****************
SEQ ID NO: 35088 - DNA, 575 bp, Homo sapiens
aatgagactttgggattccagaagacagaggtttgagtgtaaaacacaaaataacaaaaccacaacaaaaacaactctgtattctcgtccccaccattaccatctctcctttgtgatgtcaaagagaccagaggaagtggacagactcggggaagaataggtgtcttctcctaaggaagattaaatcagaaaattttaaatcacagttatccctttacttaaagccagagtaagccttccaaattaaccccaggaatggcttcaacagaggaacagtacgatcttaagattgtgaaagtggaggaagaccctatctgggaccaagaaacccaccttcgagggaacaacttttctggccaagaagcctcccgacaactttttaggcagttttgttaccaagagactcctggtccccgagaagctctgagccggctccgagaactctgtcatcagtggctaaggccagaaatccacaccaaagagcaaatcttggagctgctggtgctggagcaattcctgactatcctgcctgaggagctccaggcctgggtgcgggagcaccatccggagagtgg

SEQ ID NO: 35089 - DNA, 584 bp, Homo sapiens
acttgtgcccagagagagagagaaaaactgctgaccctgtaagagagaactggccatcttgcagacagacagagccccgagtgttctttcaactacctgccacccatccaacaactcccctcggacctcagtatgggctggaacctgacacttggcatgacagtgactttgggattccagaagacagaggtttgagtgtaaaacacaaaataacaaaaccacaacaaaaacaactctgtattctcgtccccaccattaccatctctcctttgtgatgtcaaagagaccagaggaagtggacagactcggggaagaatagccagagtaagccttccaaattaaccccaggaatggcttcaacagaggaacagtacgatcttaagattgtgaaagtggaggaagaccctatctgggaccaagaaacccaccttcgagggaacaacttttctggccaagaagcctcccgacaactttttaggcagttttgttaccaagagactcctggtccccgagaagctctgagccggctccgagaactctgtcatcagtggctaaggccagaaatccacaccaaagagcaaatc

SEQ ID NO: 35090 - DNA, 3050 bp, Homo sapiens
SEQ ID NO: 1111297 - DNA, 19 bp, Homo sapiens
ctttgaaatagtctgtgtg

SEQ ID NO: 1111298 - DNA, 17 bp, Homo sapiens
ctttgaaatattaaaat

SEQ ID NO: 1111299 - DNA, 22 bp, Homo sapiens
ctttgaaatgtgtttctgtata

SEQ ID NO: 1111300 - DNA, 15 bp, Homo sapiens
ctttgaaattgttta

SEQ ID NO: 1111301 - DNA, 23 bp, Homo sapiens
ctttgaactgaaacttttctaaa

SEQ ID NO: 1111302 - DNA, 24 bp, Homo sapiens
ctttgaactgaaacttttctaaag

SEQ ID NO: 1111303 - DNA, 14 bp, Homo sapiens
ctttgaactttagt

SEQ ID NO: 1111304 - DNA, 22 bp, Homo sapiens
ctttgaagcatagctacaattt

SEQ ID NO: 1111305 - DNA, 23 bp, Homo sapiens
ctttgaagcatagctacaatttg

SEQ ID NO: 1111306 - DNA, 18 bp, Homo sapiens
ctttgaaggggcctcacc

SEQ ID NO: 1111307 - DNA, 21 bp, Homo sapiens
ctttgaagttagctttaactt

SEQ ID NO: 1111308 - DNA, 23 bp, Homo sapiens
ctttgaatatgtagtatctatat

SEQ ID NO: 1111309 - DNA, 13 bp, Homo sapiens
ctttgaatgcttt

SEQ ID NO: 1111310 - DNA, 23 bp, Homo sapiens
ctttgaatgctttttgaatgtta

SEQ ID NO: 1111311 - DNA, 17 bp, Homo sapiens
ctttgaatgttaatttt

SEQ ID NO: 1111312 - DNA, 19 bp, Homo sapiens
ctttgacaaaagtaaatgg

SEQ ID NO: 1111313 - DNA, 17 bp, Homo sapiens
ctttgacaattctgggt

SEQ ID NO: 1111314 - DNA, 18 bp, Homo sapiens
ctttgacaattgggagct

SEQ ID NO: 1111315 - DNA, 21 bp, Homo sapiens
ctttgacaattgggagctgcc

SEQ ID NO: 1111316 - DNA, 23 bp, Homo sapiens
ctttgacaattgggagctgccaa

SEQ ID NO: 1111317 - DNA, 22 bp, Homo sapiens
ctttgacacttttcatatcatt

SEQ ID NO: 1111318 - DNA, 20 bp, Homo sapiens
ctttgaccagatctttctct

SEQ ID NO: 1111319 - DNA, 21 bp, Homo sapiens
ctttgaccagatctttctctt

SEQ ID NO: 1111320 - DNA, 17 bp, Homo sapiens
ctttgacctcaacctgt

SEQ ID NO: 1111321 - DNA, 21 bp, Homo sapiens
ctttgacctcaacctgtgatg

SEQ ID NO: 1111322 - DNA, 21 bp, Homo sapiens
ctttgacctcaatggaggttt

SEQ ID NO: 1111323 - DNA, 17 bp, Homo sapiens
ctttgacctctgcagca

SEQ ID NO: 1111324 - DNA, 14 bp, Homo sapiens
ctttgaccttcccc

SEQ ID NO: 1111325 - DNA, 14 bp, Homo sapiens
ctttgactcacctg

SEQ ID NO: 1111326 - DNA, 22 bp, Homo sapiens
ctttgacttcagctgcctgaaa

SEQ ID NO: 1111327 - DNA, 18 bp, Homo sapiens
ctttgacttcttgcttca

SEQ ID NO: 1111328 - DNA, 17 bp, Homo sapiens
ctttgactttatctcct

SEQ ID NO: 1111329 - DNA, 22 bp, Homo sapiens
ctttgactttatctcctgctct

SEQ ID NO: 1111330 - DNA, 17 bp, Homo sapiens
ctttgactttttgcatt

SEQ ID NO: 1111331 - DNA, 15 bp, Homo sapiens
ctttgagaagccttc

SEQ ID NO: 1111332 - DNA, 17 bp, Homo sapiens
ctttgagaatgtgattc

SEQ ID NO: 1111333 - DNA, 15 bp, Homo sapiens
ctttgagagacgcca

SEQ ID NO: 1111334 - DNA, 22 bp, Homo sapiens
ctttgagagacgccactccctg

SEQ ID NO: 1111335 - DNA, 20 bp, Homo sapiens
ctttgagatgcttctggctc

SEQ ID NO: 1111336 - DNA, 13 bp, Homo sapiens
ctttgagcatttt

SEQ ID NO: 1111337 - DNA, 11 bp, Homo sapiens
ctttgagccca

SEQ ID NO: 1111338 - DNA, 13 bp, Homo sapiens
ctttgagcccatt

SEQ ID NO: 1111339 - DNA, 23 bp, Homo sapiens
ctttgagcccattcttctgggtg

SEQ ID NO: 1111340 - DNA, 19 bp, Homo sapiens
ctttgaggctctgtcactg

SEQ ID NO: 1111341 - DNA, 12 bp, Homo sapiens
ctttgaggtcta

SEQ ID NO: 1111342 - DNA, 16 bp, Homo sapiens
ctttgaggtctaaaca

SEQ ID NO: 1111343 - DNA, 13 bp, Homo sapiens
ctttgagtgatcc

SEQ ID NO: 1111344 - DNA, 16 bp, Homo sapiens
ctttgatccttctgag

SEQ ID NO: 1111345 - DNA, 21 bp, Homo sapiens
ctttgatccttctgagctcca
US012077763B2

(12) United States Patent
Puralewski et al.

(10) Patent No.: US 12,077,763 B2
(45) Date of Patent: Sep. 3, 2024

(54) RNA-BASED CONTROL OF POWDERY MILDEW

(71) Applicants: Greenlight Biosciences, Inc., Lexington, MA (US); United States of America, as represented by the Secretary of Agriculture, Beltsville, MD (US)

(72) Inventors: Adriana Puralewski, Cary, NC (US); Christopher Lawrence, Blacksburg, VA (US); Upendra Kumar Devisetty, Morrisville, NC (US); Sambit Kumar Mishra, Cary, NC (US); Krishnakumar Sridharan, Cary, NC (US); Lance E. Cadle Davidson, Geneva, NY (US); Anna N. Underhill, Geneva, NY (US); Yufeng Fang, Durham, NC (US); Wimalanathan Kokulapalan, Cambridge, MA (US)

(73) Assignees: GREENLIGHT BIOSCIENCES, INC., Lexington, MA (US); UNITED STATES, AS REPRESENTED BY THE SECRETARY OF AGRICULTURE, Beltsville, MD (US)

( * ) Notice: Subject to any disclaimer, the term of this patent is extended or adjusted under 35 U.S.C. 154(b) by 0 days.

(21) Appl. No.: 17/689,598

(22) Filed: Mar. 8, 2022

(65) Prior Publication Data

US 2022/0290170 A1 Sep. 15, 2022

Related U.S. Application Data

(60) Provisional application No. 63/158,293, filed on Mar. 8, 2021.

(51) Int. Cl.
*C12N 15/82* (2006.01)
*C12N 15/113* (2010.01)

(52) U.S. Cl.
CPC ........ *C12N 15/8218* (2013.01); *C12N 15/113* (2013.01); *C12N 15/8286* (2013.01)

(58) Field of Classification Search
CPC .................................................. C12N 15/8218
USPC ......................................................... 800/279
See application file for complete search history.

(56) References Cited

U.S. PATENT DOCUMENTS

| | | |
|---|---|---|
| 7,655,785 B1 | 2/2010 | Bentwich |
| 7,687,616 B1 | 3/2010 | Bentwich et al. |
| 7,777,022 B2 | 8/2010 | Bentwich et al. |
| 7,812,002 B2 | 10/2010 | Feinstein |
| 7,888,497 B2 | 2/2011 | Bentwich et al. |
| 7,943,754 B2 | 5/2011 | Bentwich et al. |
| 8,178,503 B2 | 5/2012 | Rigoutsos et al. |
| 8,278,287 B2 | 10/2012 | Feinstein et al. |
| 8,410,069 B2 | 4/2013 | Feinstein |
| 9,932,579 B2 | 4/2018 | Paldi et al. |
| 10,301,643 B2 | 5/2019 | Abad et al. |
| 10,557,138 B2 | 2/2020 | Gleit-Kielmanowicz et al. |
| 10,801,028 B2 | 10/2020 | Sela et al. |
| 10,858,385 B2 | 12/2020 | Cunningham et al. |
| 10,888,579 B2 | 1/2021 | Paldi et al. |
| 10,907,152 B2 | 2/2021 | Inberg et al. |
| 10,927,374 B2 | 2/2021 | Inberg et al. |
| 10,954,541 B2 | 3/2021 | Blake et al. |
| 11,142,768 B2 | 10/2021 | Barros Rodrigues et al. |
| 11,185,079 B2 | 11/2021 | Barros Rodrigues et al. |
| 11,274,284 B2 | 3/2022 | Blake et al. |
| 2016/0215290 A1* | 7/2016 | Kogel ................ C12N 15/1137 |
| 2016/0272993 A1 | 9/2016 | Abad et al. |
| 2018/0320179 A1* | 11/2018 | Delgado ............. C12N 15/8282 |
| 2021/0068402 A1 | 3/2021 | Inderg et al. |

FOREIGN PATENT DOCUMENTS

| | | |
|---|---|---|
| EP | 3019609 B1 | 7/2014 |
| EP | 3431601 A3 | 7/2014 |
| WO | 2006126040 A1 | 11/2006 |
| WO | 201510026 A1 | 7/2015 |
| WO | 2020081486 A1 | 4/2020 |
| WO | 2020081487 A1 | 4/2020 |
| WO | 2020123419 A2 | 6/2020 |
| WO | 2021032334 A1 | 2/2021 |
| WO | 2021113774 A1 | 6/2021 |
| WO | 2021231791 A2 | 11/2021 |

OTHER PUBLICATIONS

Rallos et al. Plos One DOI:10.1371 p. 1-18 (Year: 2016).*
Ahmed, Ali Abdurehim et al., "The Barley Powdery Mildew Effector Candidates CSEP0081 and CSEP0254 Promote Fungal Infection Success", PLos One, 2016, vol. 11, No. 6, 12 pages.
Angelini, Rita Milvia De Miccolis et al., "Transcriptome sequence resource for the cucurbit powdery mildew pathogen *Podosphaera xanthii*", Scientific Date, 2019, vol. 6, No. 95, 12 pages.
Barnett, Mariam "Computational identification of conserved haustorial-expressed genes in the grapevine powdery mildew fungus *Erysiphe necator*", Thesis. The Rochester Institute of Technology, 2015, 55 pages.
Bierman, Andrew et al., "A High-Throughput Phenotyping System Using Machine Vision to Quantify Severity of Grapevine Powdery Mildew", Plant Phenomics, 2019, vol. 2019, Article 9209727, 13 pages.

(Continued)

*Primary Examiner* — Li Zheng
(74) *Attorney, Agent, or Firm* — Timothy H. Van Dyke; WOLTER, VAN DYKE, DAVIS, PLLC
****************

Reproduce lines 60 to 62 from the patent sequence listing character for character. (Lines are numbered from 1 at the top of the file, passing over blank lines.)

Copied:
SEQ ID NO: 1111324 - DNA, 14 bp, Homo sapiens
ctttgaccttcccc

SEQ ID NO: 1111325 - DNA, 14 bp, Homo sapiens